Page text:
2020 was the year Australia’s multibillion dollar music industry ground to a halt. And while this year’s Triple J Hottest 100 celebrations will be more muted – marked with fewer backyard barbecues and inflatable pools – the competition for the coveted No 1 spot will be no less fierce. So who’s tipped to win? Nathan Jolly runs the rule over the favourites, including Glass Animals, Spacey Jane and Ball Park Music in a race that could almost prove as tight as Muse v Silverchair in 2007.
“I’m splayed on the couch, light-headed and nauseous; classic side effects of my medication.” For 21-year-old Melis Layik, the closure of gyms and reversion to online classes for university in Australia has encouraged the inside-four-wall self-criticisms to spiral dangerously: You are so lazy, you are weak, you are repulsive. “I felt profoundly lonely in these ruminations and feelings,” she tells Guardian Australia as part of the Dreams Interrupted series, with an old eating disorder reappearing. But amid the insidiousness, are thoughts of resilience: “The truth is I don’t want to lose weight in 2021. I want to gain mental wellbeing.”
Lockdown has driven many of us to less-trod corners of the internet. For comedian Geraldine Hickey, that includes amateur fishing videos, and even equestrian. It’s all part of the chosen few for her 10 funniest things on the internet.
Challenging police brutality. After watching video footage of his son being forced face-first to the ground by a police officer, Indigenous man, Thirra, tells Laura Murphy Oates that the incident was by no means an outlier. On this episode of Full Story, he details his own history, of being removed from his family as a child, and as a teenager, being deliberately struck by a police van.
Full Story is Guardian Australia’s daily news podcast. Subscribe for free on Apple Podcasts, Spotify or any other podcasting app.
Covid-19 continues to pose major headaches for organisers of the 2020 Olympics, but with the Games themselves under a pall, Australian athletes are no closer to knowing whether they’ll have access to a vaccine before departure, Kieran Pender explains.
With apologies to Lady Bracknell: “To lose one home series to India, Mr Paine, may be regarded as a misfortune; to lose both looks like carelessness.” But while the circumstances surrounding 2018-19 were understandable, as Geoff Lemon writes, after this latest loss the knives could yet be out for Australia’s once-affable captain.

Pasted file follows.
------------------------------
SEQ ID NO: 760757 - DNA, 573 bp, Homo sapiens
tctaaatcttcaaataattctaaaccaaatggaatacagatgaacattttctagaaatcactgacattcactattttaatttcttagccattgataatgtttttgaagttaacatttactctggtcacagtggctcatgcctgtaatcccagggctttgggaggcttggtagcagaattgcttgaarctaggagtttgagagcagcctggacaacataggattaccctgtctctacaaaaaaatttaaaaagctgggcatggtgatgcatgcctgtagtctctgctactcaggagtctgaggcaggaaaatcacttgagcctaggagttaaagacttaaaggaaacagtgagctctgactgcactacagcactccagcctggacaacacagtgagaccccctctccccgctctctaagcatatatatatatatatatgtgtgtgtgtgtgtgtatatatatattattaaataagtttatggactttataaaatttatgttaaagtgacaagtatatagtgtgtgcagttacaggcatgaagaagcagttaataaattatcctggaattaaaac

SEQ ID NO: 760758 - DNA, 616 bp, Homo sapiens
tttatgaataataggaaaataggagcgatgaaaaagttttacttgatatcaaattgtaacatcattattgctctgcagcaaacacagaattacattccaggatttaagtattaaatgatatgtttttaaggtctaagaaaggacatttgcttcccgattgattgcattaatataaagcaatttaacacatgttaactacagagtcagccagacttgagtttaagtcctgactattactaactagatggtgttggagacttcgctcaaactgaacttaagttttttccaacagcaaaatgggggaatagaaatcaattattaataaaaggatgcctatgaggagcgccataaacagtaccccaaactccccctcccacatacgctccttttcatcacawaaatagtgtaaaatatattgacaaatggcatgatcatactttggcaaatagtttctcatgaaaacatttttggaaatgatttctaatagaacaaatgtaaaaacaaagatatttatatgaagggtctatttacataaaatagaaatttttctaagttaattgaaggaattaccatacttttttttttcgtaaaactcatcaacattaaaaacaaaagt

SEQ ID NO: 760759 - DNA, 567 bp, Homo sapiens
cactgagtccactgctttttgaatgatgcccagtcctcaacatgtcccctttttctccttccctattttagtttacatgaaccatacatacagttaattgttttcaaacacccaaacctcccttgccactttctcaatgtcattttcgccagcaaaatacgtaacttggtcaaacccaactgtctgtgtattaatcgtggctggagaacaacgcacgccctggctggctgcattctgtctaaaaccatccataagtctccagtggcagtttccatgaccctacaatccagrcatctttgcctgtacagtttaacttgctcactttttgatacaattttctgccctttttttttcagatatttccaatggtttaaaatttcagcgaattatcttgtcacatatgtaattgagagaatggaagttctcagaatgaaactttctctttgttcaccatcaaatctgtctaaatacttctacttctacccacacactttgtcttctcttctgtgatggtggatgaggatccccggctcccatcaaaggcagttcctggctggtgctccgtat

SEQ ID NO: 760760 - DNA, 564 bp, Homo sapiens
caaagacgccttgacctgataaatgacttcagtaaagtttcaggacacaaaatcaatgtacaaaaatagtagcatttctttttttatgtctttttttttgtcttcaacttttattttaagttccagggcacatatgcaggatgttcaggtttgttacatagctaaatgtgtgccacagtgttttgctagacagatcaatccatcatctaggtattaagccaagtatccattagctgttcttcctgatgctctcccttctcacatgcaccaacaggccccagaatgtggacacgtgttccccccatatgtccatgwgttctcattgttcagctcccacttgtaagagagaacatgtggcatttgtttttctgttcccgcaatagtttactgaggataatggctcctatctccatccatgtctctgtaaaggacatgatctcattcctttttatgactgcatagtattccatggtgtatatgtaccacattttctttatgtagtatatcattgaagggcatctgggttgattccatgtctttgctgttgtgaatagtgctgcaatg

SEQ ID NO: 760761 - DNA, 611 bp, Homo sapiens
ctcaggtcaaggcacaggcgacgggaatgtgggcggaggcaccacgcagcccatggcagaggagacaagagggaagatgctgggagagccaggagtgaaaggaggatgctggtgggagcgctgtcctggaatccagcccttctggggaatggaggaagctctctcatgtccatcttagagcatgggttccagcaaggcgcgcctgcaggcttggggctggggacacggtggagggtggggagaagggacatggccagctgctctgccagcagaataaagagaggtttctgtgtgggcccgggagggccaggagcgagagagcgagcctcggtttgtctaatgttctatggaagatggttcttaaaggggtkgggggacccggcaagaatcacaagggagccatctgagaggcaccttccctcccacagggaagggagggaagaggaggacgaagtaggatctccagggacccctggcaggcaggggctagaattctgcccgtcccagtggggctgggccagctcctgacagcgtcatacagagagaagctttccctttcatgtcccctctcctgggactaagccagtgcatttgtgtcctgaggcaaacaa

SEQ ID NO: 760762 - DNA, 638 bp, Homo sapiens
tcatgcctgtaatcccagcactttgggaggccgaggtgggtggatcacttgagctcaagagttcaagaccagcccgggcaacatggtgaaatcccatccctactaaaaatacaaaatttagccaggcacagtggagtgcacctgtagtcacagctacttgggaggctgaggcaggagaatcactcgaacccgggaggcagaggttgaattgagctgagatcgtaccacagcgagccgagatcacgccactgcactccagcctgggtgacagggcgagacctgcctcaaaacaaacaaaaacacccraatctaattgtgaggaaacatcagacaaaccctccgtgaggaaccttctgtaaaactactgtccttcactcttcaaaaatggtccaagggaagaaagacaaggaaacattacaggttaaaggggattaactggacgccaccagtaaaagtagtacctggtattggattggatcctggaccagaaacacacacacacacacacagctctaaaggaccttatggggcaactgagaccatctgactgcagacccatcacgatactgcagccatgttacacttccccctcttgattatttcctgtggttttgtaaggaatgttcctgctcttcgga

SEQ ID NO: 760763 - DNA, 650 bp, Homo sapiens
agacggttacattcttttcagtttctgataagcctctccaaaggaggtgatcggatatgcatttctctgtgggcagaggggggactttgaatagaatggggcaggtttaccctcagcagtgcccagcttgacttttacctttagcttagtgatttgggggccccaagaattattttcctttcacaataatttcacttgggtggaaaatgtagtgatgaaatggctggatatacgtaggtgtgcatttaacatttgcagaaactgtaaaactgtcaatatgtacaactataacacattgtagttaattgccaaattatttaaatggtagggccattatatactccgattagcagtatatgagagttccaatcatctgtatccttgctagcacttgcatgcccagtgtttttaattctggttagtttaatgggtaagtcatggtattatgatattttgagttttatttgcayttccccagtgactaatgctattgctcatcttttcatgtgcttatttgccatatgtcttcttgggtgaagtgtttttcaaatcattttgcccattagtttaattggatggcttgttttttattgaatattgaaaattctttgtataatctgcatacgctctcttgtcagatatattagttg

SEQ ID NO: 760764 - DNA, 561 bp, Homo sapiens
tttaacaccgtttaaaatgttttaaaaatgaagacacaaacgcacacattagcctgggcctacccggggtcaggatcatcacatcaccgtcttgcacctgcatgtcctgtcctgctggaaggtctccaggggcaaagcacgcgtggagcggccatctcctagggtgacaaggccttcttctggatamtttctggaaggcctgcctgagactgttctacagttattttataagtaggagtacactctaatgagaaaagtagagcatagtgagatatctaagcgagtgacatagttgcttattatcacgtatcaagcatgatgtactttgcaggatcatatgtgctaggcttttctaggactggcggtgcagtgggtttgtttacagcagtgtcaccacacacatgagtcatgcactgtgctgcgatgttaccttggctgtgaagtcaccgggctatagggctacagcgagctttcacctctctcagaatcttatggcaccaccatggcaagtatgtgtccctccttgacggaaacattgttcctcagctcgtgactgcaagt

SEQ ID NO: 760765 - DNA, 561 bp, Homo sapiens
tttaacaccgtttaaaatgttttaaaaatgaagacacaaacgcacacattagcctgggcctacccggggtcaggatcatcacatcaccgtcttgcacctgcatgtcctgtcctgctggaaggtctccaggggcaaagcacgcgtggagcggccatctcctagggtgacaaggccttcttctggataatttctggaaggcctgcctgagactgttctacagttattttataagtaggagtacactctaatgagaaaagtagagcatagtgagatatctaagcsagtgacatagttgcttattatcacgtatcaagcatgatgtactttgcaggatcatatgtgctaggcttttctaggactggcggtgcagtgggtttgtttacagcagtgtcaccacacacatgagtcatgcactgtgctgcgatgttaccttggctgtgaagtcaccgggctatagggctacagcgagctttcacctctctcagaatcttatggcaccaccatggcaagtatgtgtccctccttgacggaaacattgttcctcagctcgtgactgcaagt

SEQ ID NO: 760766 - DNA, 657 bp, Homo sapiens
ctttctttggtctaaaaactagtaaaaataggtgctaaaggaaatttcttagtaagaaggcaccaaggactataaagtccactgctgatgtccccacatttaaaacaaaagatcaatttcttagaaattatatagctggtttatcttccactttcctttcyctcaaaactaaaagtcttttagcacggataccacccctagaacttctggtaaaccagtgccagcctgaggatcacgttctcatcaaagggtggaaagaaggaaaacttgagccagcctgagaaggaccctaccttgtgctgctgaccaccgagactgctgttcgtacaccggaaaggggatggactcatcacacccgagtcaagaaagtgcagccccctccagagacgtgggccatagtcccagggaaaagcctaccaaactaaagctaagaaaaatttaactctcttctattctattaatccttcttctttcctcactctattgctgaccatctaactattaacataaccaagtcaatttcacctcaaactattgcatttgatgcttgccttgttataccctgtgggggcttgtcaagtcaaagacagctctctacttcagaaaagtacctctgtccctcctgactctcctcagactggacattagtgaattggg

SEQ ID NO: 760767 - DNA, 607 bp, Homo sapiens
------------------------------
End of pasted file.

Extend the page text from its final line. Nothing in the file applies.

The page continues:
The NSW premier has called on the federal government to consider a “Pacific bubble”, reports the Sydney Morning Herald, despite the chief medical officer saying a shift to allowing international travel would be “one of the last things to change”. The prime minister has secured a deal with major LNG exporters to offer any uncontracted gas to Australian companies, the Australian writes, before shipping supplies to lucrative Asian markets. And the Catholic church has been ordered to pay a record $2.45m to an abuse victim, the West Australian claims, after a Perth district court heard harrowing testimony of the man’s experiences.
Scott Morrison continues his four-day tour of regional Queensland in the drought and flood-ravaged town of Winton in the state’s west.
Dozens of refugees transferred to Australia under the “medevac” law continue to be freed in Melbourne, including a man who spent six years in immigration.
And if you’ve read this far …
It’s one of those questions you never expected to ask – until a global pandemic came along. So how does one successfully dress to avoid suspicions that you’re working from bed? While pyjamas are an instant giveaway, airlines pants might be your saviour. And what’s the verdict on a dressing gown? No less a luminary than Cambridge’s Mary Beard has the trick to that: always wear a necklace. “It’s guaranteed to trick them into thinking that you really have got properly dressed – because who wears a necklace with their dressing gown?”